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Democracy is at existential risk

by Stella Liu

One of the great mistakes made by many observers of history is a mistaken belief in inevitability. People, when talking about the development of institutions over time, like to think that events could not have happened any other way and that the trend will continue indefinitely.

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Talk is cheap and Macron is waiting

by Clemens Lukitsch

The French president Emmanuel Macron gets a lot of commendation these days. Liberals, conservatives and social democrats all praise the charismatic politician – but for different reasons.

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The idea of death in Russian poetry of the 20th century

by Egor Sychugov

Death is the only concept in the existence of humans that limits their supremacy over na-ture. Human life is valuable only because of death, just as time is valuable only when lim-ited. The presence of inevitable end extols the beginning, and death, ultimately taking everyone, is a kind of measure of reality for people — if there was no death, there would be no life, but only existence in time that we would not be able to sense.

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A liberal democracy doesn’t just fall from the sky

by Alexander Görlach

The West appears to face its end. After seventy years of hegemony, a fundamental opposition carries the day in countless places. This opposition stands in stark denial of the core principles of citizenship and social liberties, which the West brought: tolerance of religious minorities, equality of man and women, free speech and openness to the variance of life-paths. Regarding the relations between peoples and nations, it’s “us first” again – from the US to Catalonia. Cosmopolitan thinking, which thinks of politics as a solution to global quests, is ridiculed.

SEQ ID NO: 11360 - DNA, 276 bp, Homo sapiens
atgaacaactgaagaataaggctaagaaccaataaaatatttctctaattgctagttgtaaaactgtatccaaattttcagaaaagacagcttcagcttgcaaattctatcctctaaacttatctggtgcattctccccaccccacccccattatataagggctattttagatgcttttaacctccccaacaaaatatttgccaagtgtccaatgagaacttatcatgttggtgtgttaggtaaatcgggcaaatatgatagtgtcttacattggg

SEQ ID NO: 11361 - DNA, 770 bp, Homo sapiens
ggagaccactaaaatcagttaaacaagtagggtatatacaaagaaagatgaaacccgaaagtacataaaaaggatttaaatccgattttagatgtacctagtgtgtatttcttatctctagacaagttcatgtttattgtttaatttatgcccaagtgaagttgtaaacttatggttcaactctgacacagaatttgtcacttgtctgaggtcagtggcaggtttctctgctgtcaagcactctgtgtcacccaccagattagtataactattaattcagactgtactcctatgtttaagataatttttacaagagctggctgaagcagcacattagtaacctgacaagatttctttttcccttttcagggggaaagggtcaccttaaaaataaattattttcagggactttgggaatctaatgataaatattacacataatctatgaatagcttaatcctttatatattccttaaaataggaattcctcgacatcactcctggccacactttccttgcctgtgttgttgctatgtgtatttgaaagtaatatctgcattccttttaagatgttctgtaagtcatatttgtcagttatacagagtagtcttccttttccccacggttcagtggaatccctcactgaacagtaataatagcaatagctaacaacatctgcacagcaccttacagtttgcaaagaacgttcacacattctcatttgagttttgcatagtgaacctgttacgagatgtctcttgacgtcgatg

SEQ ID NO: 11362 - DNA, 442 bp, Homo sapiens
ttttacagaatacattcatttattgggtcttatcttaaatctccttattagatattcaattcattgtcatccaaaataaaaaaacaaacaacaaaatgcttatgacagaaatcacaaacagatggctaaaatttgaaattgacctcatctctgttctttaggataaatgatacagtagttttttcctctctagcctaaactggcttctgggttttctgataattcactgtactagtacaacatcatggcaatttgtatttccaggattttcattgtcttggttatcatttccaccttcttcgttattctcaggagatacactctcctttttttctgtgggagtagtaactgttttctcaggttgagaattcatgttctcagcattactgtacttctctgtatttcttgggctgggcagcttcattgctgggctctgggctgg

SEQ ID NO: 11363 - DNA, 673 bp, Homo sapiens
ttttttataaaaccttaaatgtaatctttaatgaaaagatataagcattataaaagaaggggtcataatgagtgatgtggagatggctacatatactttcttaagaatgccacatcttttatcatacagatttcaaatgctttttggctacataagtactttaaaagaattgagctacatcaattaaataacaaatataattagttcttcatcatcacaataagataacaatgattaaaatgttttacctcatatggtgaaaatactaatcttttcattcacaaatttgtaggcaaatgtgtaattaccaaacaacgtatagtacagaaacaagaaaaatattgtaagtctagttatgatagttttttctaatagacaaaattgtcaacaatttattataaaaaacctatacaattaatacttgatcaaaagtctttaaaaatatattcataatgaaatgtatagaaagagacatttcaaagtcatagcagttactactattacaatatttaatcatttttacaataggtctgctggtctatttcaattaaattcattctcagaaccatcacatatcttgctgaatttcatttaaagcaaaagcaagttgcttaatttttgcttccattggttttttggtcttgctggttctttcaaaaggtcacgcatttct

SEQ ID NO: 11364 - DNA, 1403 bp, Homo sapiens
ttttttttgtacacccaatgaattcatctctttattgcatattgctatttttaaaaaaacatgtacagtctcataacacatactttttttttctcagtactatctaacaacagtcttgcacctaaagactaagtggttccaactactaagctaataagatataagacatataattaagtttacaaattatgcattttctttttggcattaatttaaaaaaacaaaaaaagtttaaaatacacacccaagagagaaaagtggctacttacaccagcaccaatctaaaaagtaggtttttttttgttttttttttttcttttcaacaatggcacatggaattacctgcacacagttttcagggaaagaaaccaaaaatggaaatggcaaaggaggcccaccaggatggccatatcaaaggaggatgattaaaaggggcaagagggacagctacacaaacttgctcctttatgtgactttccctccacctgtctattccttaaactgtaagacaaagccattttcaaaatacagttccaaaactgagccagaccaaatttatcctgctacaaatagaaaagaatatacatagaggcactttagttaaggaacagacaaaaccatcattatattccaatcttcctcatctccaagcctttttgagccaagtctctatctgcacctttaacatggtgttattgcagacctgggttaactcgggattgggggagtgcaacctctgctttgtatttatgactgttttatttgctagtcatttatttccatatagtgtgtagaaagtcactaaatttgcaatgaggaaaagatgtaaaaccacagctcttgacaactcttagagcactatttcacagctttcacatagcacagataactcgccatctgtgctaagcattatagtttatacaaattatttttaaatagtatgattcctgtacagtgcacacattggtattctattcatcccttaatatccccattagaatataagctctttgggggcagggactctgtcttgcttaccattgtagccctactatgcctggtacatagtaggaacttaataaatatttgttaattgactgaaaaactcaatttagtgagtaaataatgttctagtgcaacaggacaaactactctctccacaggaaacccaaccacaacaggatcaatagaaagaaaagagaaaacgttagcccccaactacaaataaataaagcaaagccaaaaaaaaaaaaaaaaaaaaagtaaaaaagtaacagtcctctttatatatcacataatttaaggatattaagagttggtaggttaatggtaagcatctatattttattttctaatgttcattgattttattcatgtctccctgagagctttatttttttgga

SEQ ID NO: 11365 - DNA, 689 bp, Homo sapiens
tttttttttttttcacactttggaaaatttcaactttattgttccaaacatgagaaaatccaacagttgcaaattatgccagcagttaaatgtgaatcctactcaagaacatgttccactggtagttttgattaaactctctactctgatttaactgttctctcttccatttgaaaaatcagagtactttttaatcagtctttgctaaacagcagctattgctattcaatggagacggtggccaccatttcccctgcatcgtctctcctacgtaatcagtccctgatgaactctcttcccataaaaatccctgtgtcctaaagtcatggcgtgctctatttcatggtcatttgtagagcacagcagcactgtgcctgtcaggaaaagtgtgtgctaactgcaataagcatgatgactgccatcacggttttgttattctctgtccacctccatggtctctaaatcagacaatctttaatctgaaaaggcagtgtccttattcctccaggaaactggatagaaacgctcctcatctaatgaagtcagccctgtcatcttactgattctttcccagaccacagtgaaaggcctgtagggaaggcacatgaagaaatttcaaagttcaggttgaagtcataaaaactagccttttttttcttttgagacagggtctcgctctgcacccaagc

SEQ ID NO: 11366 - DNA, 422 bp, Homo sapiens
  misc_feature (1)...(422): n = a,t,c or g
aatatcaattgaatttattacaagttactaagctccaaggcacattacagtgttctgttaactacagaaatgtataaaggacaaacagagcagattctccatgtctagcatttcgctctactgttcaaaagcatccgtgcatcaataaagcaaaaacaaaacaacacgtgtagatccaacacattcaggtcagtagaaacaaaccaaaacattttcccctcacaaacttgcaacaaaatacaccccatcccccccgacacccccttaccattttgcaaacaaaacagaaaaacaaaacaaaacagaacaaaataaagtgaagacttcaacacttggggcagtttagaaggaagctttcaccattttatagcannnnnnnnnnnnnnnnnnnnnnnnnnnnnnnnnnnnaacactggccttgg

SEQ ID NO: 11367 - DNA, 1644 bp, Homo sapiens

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“The United Nations should punish China for keep violating human rights”

Interview with Eeling Chiu

Being a human rights activist, Eeling Chiu was active in supporting Lee Ming-che, the first Taiwanese being sentenced to prison in the People’s Republic of China for allegedly engaging in activities against the state. SLD spoke to Eeling about the case of Lee Ming-che and human rights in China.

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Populism is here to stay

A conversation with Martin Eiermann 

The rise of populism in Europe is not a fad, as Berkeley’s Martin Eiermann claims in a recent study on voting trends, conducted with Yascha Mounk and Limor Gultchin for the Tony Blair Institute. Their data shows that right-wing extremism has already changed Europe’s political landscape — and it is here to stay.

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To fix the divide, first we all must serve

by Signe Janoska-Bedi

Clashes in Charlottesville, Virginia, this past summer indicated a deep discord in American social identity but provided few immediate clues as to a solution. More specifically, the riots showed Americans that our increasingly inclusive society – certainly not yet inclusive enough – is under threat. Today’s level of political and social polarization reminds us of the Antebellum South, in context if not intensity.

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The role of the transatlantic millennial

by Kyle Shishkin and Nick Romanoff

Instead of a narrative that opposes the union in pursuit of nationalistic sentiments, there is a need for a narrative that strives to improve the current union, one focused on maintaining the stability and peace that is so easy to take for granted, Shishkin and Romanoff argue.

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What Roy Moore’s Loss Means

By Joseph Hammond

Former Alabama Supreme Court Justice Roy Moore was defeated this week in a special election by incoming Democratic rival Doug Jones. For the Democrats it was a  chance to turn the tide against President Trump and also to test strategies and candidates for future elections. Most notably New Jersey Senator Corey Booker.

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